What pleasure to visit ‘Modern British Sculpture’ at the RA on Wednesday, and what luck managing to squeeze it in the day before the exhibition closed on Thursday. “It’s quite controversial,” people told me, “parts of it are a bit of a turn-off.” Yes, that was true but most of it was fantastic, and as a complete exhibition it is hard to imagine a better and more helpful display of objects to tell the story of sculpture in Britain over more than one hundred years. Well done the curators!
If I learned nothing else, I began to understand why the concept of ‘What is sculpture?’ is confusing. When artists first started seeing, in the V&A and the British Museum, sculpture figures of gods and heroes, and friezes of battles and wars, from the ancient world and from countries round the world, they copied and learned from what they saw. Their ‘figurative’ work is not so hard for us to get involved with and grasp and simply talk about as ‘sculpture’.
Later, artists started doing work that was less like what they saw, even unlike anything at all they saw, but more like what they thought instead. This makes their ‘abstract’ work harder for us to grasp, if only because by its nature it is unfamiliar, and probably we never see anything else that’s similar. Even more difficult, some work may need explaining before we really understand it, just looking at it doesn’t tell you what it is—The Cenotaph is a good example.
But, for me, by far the most powerful piece was abstract—not figurative, although ‘Adam’ by Jacob Epstein is very powerful and is figurative—it was Barbara Hepworth’s ‘Single Form (Memorial)’. This was not because of why it was commissioned, commemorating Dag Hammarskjold’s early death, or what it represented in connection with the United Nations, but just the impact of how its form hit home. By standing there it made you stand and stare.
More recent sculptures take you where you get confused, seeming to be about observations of the world, and making commentary, more than using imaginative skills and making things. Sometimes the assembly of mundane materials gets in the way of us trying to peer into the art itself, but then a work will take you completely by surprise with beauty where you least expect it—’Olaf Street Study’ by the Boyle Family worked like this for me. But, if you happen to already know about bluebottles and their life cycle, seeing tens of thousands of them laying eggs on rotting meat in a transparent box becomes an absolute barrier to comprehending any meaning at all in work that decides to borrow the name of sculpture art!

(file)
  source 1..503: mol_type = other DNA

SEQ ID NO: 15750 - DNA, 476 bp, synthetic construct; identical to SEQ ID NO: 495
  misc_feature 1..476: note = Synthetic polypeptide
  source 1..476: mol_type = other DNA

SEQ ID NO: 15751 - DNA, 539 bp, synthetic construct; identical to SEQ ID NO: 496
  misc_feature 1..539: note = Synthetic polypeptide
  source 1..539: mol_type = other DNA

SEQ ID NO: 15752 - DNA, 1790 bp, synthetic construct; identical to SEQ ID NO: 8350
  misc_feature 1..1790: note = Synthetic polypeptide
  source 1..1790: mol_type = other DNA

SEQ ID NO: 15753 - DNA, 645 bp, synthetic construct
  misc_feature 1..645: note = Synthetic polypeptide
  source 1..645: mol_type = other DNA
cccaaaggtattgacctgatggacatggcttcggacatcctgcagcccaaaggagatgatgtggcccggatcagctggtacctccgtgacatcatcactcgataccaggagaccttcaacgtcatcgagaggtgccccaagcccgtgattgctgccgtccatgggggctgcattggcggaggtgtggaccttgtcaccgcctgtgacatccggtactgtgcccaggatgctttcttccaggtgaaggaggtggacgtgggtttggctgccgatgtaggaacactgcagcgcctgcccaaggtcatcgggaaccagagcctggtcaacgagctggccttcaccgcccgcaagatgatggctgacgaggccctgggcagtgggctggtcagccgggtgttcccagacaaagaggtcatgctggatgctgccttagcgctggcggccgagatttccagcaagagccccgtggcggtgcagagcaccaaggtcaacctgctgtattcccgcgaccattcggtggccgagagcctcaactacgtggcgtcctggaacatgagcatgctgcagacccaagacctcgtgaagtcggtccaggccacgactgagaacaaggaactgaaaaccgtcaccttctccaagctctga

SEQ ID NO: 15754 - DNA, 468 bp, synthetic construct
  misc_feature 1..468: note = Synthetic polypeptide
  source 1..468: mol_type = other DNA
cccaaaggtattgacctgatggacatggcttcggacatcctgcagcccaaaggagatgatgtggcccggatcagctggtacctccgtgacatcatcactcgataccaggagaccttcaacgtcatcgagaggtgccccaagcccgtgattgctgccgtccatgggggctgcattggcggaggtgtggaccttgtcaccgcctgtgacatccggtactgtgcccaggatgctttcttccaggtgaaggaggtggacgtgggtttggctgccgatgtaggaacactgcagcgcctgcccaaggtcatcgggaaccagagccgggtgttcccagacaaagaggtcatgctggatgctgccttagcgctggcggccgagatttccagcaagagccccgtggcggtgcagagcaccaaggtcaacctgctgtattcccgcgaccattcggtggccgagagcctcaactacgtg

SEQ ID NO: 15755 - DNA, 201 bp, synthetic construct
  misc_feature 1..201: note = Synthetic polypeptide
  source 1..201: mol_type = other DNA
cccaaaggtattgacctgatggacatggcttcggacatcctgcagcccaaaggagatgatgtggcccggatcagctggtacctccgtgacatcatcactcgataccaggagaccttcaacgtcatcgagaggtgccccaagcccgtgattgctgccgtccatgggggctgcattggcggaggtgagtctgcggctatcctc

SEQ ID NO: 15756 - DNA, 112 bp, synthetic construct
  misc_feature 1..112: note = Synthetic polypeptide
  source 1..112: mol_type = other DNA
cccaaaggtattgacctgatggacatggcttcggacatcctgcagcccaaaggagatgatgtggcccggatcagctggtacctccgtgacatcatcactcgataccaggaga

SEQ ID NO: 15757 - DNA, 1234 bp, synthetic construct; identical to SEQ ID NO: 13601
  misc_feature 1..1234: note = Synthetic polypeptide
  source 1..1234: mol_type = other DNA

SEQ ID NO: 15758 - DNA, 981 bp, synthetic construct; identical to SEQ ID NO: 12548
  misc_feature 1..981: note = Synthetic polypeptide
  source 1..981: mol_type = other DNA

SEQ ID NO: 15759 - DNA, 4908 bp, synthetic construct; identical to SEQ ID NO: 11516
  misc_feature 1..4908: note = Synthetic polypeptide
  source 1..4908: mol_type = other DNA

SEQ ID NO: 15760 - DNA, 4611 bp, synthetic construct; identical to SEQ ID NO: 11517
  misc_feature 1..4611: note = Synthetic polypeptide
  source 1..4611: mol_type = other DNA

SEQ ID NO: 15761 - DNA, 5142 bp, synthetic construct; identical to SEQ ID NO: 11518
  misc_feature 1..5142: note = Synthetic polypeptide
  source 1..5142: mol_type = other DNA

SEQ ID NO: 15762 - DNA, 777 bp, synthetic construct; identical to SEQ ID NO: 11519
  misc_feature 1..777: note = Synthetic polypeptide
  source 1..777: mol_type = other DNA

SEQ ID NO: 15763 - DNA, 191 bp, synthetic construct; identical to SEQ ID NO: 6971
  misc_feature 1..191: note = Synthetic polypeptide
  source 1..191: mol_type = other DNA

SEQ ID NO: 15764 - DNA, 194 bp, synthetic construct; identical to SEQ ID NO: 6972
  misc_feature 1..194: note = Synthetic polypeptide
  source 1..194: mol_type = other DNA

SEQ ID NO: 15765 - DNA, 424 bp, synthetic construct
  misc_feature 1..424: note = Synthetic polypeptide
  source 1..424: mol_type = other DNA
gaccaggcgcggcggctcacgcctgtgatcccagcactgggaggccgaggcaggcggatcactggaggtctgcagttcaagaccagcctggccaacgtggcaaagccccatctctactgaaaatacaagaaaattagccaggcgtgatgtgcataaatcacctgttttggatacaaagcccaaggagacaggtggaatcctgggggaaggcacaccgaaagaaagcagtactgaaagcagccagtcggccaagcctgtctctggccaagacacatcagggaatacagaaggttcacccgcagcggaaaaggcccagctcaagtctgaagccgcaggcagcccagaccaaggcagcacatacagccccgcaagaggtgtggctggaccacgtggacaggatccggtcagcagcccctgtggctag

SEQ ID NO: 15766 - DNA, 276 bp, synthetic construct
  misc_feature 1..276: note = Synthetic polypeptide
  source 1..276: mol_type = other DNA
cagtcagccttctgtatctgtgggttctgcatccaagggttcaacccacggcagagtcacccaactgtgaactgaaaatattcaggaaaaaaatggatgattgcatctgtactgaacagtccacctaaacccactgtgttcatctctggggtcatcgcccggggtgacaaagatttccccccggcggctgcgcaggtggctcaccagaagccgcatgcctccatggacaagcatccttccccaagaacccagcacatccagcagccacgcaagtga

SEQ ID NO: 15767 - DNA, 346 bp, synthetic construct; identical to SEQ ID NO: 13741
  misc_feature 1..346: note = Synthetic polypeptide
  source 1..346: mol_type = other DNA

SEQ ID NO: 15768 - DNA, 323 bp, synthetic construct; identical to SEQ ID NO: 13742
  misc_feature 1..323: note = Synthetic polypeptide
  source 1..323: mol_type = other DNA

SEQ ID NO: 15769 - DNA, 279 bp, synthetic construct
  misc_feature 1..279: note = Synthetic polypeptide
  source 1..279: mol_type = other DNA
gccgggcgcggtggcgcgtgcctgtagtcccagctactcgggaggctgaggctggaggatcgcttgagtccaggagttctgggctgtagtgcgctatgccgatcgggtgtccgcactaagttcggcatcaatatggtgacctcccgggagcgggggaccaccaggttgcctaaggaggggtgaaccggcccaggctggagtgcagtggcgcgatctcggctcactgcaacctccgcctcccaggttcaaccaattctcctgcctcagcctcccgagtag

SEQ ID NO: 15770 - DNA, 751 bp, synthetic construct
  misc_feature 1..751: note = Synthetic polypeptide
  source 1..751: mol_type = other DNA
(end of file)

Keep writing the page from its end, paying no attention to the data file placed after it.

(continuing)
So, is sculpture modern? It seems that all sculpture is modern, in the sense that very little follows trends. So much is how the artist sees their work, and where they find their work can go. Perhaps commentators and the public can be alive to trends, but artists appear to be doing work that’s modern all the time.
And where do I fit in, well I’ve made a start. I have produced some sculpture. It does appear to be not figurative, but it’s hardly abstract either. My sculpture is hard to fully understand without being explained, but it is a pointer that leads the eye through visual forms to wider concepts of why any one of us is here—maybe it’s a commentary. And it is new, and it is mine, and I say it’s modern sculpture!